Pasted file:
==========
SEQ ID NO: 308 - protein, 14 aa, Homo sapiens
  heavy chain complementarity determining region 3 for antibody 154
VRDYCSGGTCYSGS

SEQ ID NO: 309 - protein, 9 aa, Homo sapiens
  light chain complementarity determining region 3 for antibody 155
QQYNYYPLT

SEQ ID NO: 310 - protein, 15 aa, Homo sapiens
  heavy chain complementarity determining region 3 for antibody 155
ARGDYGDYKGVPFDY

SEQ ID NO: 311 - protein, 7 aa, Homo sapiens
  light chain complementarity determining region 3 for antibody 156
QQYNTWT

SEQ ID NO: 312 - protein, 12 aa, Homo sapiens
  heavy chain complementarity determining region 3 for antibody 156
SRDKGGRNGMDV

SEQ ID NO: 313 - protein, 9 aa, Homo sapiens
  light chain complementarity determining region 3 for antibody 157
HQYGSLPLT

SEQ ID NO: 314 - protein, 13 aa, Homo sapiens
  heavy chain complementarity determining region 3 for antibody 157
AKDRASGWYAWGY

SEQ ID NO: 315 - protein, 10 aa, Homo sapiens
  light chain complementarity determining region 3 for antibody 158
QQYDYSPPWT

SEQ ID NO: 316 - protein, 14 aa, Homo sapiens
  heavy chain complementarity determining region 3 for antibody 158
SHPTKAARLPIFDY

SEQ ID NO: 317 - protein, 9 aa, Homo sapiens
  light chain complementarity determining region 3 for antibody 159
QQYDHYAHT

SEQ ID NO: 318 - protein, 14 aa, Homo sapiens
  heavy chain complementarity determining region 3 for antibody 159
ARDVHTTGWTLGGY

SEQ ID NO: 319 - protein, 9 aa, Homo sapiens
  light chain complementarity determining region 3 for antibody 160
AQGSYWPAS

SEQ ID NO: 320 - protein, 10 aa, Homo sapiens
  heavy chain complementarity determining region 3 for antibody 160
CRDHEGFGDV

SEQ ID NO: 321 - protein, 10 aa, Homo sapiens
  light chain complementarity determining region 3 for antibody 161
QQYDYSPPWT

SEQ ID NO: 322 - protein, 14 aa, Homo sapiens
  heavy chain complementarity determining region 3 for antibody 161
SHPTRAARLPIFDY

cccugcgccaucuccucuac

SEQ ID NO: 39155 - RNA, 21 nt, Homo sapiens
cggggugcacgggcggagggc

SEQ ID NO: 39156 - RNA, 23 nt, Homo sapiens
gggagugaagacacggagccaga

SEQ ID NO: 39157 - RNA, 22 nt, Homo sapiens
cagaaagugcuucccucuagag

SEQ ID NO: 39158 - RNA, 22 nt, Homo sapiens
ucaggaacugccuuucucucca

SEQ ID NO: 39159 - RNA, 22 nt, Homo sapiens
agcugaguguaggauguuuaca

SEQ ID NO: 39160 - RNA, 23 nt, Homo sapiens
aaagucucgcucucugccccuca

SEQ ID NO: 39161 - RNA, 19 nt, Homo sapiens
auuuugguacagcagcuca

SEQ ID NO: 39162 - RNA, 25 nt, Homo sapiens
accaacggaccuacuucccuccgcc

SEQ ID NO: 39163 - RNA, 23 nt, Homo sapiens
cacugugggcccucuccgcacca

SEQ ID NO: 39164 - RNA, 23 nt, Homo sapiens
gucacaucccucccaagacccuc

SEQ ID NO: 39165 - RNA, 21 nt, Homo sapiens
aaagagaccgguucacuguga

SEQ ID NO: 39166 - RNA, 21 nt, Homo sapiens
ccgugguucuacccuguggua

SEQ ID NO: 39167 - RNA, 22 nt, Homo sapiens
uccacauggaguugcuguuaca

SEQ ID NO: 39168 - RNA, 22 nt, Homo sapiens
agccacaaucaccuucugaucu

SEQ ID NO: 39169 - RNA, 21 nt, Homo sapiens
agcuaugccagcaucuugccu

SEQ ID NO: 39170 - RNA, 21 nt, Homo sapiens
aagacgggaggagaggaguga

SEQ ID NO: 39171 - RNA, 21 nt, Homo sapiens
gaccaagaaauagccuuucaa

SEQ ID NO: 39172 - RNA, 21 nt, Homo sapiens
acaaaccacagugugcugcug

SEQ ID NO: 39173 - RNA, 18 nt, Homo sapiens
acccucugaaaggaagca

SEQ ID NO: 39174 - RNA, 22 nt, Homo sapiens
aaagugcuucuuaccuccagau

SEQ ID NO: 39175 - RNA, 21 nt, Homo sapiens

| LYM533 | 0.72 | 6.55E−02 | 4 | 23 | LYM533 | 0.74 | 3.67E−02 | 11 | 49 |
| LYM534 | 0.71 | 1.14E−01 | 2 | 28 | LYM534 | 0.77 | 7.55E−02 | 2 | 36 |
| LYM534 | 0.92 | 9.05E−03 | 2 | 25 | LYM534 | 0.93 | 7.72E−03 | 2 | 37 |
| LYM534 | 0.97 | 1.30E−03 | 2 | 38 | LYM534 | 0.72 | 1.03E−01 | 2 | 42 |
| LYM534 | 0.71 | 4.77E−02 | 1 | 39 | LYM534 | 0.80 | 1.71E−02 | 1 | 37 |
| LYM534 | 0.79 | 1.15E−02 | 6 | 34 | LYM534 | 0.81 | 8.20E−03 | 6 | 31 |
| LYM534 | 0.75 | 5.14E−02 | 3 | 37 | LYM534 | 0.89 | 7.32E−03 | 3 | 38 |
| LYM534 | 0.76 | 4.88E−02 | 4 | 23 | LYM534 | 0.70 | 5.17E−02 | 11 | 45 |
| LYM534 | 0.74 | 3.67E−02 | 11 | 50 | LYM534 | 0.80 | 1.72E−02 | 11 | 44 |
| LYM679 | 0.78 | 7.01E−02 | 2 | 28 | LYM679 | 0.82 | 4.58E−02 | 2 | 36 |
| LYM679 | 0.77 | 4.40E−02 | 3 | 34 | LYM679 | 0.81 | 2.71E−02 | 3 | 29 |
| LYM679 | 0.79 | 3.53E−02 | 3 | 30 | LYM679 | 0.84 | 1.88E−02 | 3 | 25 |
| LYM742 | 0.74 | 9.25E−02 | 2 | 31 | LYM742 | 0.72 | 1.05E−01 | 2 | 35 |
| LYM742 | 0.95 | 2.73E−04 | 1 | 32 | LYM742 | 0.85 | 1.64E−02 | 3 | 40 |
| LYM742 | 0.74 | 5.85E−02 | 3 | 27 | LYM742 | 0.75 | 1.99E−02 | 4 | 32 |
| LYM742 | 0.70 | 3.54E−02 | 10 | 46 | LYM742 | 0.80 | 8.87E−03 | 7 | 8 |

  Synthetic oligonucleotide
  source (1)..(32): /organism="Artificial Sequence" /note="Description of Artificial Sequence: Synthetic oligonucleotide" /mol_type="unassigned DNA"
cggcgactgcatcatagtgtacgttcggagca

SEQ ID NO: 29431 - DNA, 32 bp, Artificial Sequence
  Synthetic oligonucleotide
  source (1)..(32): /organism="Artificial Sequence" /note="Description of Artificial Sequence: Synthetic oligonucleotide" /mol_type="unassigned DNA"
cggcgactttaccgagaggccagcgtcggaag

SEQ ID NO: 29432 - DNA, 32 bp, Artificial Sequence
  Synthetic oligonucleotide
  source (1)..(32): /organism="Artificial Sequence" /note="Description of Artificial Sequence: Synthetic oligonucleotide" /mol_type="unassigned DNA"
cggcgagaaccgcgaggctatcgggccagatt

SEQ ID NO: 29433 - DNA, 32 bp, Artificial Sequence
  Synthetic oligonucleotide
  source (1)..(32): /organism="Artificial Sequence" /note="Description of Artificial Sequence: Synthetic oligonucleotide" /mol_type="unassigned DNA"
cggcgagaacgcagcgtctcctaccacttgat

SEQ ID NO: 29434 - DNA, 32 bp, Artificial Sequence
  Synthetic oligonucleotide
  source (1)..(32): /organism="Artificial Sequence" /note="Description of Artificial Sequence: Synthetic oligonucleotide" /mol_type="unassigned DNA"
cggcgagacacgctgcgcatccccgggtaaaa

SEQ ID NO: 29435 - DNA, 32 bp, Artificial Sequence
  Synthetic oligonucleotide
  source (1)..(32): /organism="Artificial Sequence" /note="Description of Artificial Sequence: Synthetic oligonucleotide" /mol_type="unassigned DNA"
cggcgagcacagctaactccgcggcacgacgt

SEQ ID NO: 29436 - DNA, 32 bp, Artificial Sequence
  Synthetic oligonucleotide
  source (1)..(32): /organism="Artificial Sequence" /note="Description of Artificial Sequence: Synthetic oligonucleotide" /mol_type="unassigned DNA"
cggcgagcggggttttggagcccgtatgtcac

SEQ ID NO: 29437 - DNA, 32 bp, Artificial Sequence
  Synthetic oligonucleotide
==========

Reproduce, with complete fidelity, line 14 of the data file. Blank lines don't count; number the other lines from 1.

  heavy chain complementarity determining region 3 for antibody 156